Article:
While not 100 percent exact—the Department of Homeland Security isn’t sharing exact numbers—this chart gives a pretty accurate sense of which nationalities’ citizens have benefited from the two-year Humanitarian Parole program that the Biden administration has set up for citizens of Cuba, Haiti, Nicaragua, and Venezuela. To qualify for the paroled status in the United States, citizens of those countries must apply online from outside U.S. territory, have a passport, have a U.S.-based sponsor, and undergo a background check.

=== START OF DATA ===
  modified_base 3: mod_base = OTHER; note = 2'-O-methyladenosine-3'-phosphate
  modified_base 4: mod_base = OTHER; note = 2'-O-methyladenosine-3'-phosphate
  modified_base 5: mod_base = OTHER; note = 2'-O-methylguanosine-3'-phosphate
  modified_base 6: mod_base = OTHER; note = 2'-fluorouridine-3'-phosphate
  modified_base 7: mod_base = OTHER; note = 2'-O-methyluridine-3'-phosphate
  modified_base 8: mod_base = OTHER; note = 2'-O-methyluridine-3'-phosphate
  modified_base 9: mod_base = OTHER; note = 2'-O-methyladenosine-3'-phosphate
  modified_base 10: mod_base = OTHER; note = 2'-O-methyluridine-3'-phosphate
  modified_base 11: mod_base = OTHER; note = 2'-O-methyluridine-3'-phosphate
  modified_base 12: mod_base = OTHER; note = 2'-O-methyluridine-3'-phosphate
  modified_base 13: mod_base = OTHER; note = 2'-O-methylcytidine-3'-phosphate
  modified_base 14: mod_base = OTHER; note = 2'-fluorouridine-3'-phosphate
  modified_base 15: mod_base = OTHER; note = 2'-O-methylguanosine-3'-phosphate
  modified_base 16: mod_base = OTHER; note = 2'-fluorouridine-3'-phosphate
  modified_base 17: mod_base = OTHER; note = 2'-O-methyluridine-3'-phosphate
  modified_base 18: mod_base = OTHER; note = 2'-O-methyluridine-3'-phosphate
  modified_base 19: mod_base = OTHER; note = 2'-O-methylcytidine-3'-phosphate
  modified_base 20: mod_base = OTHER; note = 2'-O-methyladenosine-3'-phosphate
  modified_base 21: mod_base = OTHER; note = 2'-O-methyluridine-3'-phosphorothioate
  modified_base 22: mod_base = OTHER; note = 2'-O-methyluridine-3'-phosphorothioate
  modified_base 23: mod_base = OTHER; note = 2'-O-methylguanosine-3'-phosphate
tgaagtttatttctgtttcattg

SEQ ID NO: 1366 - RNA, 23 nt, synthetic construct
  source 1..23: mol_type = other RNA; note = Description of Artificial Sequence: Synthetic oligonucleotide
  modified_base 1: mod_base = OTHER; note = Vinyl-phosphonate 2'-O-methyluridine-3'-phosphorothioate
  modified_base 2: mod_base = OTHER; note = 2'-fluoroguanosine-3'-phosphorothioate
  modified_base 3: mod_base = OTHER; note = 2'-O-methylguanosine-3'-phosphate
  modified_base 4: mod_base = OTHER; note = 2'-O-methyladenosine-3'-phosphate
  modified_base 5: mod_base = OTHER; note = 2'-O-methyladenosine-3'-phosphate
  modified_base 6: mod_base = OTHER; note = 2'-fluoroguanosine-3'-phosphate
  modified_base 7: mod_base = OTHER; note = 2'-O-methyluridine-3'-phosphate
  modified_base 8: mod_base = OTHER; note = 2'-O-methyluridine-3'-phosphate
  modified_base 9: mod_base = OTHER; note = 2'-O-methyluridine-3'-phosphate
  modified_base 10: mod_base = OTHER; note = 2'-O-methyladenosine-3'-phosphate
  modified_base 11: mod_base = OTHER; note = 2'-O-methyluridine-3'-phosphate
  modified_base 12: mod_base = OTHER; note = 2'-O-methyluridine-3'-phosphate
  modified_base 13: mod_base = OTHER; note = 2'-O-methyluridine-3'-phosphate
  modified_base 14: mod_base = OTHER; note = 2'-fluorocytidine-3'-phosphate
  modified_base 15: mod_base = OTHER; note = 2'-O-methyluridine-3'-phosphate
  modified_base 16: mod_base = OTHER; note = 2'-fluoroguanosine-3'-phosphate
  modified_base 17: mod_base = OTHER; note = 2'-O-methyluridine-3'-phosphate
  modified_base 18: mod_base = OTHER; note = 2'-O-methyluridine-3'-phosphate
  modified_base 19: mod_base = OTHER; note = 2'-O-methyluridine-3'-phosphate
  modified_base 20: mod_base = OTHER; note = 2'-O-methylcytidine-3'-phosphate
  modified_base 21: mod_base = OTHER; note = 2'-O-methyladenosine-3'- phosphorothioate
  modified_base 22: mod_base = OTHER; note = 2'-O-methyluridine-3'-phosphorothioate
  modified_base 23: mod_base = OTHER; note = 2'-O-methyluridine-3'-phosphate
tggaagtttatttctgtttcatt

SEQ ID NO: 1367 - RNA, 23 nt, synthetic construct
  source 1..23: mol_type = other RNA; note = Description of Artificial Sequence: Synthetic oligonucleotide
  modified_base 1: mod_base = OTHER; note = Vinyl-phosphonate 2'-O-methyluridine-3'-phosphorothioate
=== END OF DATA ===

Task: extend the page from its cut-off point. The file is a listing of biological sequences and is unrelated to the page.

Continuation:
Haitians have taken fullest advantage of the program since the Biden administration created it for Venezuelan citizens in October 2022, and expanded it to the other three countries in January 2023. U.S. Customs and Border Protection (CBP) reported on September 22:
Through the end of August 2023, over 211,000 Cubans, Haitians, Nicaraguans, and Venezuelans had arrived lawfully under the parole processes. This number includes more than 45,000 Cubans, more than 71,000 Haitians, more than 32,000 Nicaraguans, and more than 61,000 Venezuelans who have arrived in the U.S. More than 47,000 Cubans, more than 84,000 Haitians, more than 39,000 Nicaraguans, and more than 68,000 Venezuelans have been vetted and authorized for travel.